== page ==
"Highly Illogical Behavior" by John Corey Whaley
When I saw that John Corey Whaley – author of Where Things Come Back, which I loved and Noggin, which I liked – had a new book out, picking up a copy seemed highly logical...pun fully intended.
The weird thing about Whaley’s books is that I’ve enjoyed all of them…this one included, but I’ll get to that in a minute…however, I couldn’t really tell you why I enjoyed them – which, I guess, is sort of the point of a book review so, fail.
When I try to articulate the reason for my Whaley penchant all that comes to mind is authenticity. I feel a connection to the world in Whaley’s books…probably because it is our world…which he captures with masterful precision.
It’s ironic, then, that the reason I couldn't quite give Highly Illogical Behavior five cocktails is because I found the authenticity of his characters ever so slightly wanting.
Just as in his prior works, Whaley captured what it’s like to live where we live, when we live. That wasn’t the issue. The struggle for me came from the fact that it all felt a bit…flat.
This book has dual protagonists, Solomon, a gay, teenage, agoraphobe and Lisa, a straight, industrious, junior, eager to get into America’s second best college for psychology. To get into this college – or at least to get the full-ride she needs due to family issues that aren’t fully explained (see 2 paragraphs down) – Lisa needs to write an essay on her “personal experience with mental health”. Eager to make her essay stand out, she arranges to befriend Solomon, who she remembers from an unfortunately nearly-nude fountain incident when they were both middleschoolers.
In the beginning, I was intrigued by their burgeoning relationship. Solomon is the type of person I would want to be friends with, so I was rooting for him from the start. But as I continued reading through various states of personal caffeination and intoxication, I started to feel like something was missing.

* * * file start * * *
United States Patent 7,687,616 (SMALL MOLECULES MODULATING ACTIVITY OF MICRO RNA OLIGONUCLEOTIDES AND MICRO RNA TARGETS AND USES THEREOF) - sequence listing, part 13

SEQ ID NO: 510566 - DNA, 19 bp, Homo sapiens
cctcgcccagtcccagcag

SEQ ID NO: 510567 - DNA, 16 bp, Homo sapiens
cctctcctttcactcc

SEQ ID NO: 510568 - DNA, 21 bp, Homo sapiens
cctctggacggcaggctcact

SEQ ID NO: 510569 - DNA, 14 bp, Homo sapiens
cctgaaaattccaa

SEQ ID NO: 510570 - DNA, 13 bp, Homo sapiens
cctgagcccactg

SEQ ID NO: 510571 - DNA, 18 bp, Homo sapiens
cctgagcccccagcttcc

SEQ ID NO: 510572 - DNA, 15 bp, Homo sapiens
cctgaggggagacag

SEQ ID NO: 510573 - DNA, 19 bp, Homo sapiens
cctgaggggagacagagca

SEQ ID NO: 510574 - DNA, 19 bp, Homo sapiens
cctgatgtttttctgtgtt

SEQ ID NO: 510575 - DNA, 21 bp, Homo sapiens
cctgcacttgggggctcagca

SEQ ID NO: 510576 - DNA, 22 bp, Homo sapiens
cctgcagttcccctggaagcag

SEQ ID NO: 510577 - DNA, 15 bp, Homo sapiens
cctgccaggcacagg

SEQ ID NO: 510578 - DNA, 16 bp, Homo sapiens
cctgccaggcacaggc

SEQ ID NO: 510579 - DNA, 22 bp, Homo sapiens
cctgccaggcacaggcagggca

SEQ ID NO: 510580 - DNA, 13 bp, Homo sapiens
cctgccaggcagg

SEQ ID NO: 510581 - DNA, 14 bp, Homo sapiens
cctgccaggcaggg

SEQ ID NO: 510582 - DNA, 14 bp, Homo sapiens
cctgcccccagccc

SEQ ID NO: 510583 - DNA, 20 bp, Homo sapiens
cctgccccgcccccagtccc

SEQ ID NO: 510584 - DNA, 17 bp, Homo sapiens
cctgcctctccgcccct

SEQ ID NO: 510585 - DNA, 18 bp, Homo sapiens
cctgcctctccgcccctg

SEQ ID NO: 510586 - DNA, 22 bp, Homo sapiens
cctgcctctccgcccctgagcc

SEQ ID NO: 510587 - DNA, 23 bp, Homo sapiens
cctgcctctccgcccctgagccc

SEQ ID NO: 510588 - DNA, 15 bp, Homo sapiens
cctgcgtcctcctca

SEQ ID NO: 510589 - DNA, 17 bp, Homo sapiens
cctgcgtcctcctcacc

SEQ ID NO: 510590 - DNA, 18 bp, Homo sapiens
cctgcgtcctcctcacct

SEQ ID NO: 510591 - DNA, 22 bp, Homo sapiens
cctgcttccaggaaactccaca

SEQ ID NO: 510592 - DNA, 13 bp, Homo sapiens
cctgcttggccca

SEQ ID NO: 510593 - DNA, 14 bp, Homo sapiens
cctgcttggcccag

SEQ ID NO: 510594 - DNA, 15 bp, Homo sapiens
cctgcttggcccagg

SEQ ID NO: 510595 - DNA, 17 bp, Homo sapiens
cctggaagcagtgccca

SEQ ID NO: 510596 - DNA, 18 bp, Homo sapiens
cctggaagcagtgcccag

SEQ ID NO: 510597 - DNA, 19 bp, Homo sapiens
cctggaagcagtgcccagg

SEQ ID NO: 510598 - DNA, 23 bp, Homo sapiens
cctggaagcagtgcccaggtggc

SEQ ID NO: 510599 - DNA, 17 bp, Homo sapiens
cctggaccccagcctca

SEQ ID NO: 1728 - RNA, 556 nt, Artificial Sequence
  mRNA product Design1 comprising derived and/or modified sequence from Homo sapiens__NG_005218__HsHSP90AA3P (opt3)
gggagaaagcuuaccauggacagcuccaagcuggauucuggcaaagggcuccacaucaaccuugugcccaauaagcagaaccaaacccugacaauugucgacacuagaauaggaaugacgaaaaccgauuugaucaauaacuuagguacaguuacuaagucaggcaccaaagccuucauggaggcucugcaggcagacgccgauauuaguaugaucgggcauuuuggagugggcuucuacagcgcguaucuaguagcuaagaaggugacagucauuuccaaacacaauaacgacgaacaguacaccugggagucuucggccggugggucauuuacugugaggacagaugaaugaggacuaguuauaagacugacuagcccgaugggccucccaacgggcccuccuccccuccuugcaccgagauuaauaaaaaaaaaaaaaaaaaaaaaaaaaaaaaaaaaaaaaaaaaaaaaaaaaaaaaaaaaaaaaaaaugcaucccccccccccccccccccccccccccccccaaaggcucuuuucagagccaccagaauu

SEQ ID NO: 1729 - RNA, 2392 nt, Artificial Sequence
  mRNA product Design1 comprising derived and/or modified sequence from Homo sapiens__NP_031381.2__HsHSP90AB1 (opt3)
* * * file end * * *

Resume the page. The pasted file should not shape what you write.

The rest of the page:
As readers, we were never really made privy to what made Solomon the way he was – he just was. And as for Lisa, we were given snippets of information. We know, for example, that she is raised by a “single” mom who is going through what we are made to believe is just one in a long string of breakups.
But I wanted more.
I wanted Whaley to plump up his characters a bit by providing JUST A LITTLE more backstory. I mean, I get it. This isn’t about what happened before, it’s about what’s happening now. But, in the absence of this information, I am left feeling like this is all a bit too convenient – a bit too contrived.
All that being said, however, the world Whaley built was believable and engaging. The characters were likable and, at the end of the day, I did root for them – even Lisa, who was ever so slightly a b*tch.
Whaley has a way of taking words and weaveingthem into a blanket that you just want to curl up in. Reading a John Corey Whaley book just feels good. And this one was no exception.
I fully recommend this book -- 4 out of 5 cocktails!
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